The humanoid robot “Alter” is displayed at the National Museum of Emerging Science and Innovation in Tokyo, Monday, Aug. 1, 2016.
P Photo/Koji Sasahara
It has a mask-like, yet eerily expressive face and a body made up of gears and wires. This humanoid robot called “Alter” is powered entirely by a neural network that gives it the ability to move by itself.
Yes, it is as creepy — and as fascinating — as it sounds. The robot is on display to the public at Japan’s National Science Museum, where it’s unnerved visitors by moving its arms around, gesturing to the crowd jerkily, without any human operator or remote control directing its actions.
How does it work? The robot, designed by a team lead by Takashi Ikegami of the University of Tokyo and Hiroshi Ishiguro of Osaka University, runs on a “central pattern generator” that has networks that act similarly to neural systems in the body, according to Engadget. These networks give the robot the ability to generate its own movement.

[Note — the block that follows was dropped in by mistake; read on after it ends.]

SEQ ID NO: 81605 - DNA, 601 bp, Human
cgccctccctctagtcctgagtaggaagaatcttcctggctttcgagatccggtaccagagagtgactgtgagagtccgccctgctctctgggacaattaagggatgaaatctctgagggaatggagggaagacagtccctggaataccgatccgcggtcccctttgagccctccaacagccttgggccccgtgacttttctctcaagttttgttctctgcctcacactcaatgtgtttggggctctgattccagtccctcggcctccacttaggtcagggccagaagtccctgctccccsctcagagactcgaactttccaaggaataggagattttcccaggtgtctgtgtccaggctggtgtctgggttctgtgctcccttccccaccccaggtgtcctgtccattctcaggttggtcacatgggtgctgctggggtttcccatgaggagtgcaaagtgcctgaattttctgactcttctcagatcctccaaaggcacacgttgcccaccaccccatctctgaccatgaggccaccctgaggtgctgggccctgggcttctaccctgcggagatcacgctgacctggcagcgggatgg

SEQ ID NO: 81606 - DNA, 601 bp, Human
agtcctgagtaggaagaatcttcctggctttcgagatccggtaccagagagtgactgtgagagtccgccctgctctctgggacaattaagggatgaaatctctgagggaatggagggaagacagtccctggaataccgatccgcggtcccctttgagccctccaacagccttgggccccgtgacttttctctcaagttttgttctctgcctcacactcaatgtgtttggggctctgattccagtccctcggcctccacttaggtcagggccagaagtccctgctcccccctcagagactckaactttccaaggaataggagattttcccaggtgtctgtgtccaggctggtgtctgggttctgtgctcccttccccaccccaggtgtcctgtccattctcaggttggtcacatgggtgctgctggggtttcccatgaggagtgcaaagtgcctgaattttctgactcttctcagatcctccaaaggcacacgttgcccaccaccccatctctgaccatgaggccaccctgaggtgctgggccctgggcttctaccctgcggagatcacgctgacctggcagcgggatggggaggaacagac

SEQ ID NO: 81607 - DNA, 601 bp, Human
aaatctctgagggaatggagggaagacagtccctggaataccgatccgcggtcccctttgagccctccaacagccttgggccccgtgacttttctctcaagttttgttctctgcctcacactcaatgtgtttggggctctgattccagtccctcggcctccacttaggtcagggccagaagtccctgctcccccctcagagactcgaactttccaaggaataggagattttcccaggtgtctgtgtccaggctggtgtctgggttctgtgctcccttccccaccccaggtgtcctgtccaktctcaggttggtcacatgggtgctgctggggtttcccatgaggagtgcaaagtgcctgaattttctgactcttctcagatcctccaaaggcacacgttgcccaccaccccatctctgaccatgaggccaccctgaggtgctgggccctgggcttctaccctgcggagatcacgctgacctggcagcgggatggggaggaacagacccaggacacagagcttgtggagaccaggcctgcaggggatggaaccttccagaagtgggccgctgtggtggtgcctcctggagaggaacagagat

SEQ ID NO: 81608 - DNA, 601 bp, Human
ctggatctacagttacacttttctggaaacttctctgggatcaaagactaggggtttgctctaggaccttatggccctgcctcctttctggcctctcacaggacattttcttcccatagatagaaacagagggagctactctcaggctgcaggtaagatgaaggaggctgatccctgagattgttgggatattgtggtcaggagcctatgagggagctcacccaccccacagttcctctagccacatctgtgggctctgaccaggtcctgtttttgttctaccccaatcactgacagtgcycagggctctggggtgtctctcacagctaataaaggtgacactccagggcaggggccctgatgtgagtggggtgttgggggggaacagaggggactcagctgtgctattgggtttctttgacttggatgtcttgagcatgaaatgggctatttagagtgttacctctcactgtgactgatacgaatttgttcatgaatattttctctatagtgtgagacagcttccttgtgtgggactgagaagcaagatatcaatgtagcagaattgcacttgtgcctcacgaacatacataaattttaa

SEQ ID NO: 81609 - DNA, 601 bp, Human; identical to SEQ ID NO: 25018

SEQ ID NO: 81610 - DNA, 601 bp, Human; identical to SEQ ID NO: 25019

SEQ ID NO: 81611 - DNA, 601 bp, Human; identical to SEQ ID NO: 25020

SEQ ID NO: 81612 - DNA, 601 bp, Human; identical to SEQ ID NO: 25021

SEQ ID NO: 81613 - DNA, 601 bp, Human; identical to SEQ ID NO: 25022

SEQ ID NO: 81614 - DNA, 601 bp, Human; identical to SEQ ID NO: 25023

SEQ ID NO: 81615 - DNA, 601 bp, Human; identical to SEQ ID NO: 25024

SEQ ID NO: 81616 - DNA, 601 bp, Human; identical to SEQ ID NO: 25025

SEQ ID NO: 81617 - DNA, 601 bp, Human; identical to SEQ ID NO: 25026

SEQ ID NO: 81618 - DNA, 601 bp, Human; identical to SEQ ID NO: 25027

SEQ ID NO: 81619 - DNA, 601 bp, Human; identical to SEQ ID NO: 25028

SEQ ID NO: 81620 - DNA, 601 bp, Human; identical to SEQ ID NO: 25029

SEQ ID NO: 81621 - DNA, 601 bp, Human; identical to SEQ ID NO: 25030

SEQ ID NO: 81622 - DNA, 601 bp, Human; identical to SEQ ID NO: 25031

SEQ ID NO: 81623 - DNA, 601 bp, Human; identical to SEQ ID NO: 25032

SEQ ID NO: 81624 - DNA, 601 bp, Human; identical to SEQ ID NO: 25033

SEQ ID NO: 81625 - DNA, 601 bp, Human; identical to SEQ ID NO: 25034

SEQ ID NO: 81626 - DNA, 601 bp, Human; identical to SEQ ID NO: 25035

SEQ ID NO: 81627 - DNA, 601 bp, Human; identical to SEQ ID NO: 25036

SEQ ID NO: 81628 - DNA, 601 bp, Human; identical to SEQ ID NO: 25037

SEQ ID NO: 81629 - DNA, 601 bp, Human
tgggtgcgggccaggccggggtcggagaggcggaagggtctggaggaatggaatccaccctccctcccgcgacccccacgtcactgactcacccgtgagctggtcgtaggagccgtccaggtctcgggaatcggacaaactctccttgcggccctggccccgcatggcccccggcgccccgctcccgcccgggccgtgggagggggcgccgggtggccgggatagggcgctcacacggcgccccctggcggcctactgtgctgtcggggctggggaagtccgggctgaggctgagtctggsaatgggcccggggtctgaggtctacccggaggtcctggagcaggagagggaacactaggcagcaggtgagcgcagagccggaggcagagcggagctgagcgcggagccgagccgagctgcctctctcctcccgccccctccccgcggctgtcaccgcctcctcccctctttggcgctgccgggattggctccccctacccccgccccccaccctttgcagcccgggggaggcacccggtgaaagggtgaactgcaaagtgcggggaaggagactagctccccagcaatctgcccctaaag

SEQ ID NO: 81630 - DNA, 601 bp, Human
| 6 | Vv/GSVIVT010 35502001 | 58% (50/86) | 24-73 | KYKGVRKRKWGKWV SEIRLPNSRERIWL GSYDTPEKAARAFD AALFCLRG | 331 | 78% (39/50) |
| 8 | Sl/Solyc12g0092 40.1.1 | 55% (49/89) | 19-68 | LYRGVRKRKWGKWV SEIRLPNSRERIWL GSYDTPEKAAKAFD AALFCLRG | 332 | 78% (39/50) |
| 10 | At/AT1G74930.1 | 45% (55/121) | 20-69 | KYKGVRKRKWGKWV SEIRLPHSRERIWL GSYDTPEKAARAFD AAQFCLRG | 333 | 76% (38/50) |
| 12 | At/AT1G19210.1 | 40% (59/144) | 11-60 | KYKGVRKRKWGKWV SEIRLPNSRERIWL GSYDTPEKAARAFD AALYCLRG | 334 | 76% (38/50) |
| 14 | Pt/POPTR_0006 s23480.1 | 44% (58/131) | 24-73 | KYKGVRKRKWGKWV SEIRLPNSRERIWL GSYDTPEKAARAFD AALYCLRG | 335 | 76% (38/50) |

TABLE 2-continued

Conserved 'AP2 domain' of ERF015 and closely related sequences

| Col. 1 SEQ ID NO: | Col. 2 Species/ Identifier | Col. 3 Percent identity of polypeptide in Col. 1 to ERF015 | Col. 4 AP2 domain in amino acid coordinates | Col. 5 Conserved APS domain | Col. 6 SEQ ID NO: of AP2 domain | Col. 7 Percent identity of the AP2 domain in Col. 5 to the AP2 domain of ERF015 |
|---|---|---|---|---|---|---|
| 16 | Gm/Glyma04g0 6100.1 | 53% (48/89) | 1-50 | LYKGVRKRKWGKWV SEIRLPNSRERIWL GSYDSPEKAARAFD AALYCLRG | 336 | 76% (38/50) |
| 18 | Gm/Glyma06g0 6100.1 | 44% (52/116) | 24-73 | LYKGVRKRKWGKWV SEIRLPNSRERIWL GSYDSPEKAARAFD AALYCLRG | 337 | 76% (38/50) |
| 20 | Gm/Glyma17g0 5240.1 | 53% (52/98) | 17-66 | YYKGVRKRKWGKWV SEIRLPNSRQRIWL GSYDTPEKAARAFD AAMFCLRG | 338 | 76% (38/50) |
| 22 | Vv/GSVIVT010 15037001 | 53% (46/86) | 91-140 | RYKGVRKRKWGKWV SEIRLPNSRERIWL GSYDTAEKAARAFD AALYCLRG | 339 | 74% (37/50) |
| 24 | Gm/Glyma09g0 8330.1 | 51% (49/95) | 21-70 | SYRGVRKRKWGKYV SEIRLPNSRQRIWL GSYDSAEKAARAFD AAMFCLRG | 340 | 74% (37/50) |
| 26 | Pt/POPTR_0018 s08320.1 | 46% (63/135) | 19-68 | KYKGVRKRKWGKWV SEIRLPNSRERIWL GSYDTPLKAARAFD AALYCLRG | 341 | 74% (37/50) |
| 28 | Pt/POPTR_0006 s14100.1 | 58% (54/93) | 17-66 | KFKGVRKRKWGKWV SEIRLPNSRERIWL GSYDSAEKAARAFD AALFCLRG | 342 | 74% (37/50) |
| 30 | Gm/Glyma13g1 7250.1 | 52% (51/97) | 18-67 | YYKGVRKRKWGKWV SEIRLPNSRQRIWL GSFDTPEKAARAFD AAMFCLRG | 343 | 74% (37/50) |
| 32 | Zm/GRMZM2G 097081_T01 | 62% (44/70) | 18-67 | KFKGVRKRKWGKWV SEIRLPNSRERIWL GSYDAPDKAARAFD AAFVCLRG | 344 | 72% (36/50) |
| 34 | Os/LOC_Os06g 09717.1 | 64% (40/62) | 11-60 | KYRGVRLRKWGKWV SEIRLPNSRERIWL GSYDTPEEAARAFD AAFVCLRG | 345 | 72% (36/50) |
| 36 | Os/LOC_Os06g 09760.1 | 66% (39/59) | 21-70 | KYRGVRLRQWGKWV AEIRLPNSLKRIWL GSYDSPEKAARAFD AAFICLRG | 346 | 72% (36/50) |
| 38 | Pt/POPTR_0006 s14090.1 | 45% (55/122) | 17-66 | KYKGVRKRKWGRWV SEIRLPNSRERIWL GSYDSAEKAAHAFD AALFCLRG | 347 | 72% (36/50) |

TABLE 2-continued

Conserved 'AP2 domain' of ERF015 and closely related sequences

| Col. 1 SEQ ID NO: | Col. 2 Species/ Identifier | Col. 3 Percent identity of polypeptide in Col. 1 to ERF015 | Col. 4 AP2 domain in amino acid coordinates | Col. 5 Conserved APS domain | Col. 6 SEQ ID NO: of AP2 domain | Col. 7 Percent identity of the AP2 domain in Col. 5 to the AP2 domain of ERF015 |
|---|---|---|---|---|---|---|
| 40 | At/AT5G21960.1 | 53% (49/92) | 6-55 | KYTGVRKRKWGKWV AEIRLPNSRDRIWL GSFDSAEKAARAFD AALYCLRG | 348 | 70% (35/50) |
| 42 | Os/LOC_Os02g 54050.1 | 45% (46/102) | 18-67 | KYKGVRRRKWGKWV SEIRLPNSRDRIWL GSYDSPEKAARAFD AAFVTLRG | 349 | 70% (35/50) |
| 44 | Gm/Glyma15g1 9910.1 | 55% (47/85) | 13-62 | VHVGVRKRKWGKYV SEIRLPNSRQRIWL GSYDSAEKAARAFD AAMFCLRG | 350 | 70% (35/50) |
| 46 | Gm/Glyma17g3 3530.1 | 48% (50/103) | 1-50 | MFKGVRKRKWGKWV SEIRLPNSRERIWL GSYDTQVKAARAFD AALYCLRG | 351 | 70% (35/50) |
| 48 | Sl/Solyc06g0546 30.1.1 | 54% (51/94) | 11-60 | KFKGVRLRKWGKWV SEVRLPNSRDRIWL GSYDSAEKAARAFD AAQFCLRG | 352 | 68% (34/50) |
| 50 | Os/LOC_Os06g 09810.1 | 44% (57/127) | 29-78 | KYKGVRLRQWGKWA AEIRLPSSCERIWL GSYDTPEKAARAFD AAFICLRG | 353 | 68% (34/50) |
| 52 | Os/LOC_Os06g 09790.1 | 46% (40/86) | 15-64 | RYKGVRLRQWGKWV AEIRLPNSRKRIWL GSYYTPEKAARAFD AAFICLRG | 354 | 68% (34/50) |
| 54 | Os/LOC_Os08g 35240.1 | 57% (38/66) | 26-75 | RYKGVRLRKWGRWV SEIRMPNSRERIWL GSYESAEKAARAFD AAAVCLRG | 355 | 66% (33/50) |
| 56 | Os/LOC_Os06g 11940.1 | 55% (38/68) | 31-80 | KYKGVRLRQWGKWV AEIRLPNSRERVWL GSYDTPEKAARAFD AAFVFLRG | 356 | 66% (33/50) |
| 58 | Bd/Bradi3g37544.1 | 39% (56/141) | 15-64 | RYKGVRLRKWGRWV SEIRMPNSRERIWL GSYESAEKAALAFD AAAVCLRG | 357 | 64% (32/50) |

Of course, if you watch the video of Alter in action, it’s clear that the robot doesn’t come close to moving as fluidly as a human. That being said, its agency over making its own movements creates the powerful illusion that it is a living being.
To add to the creepy factor, Alter has some musical chops. The robot was also programmed to “sing” — maybe it’s more like a hum — in deep, resonant notes. The robot’s voice is tied to sine waves, or mathematical curves that represents clear, repetitive oscillations, which correspond to its finger movements.
But despite the neural networks that give it the illusion of life, this robot can’t think on its own. Maybe that’s next?
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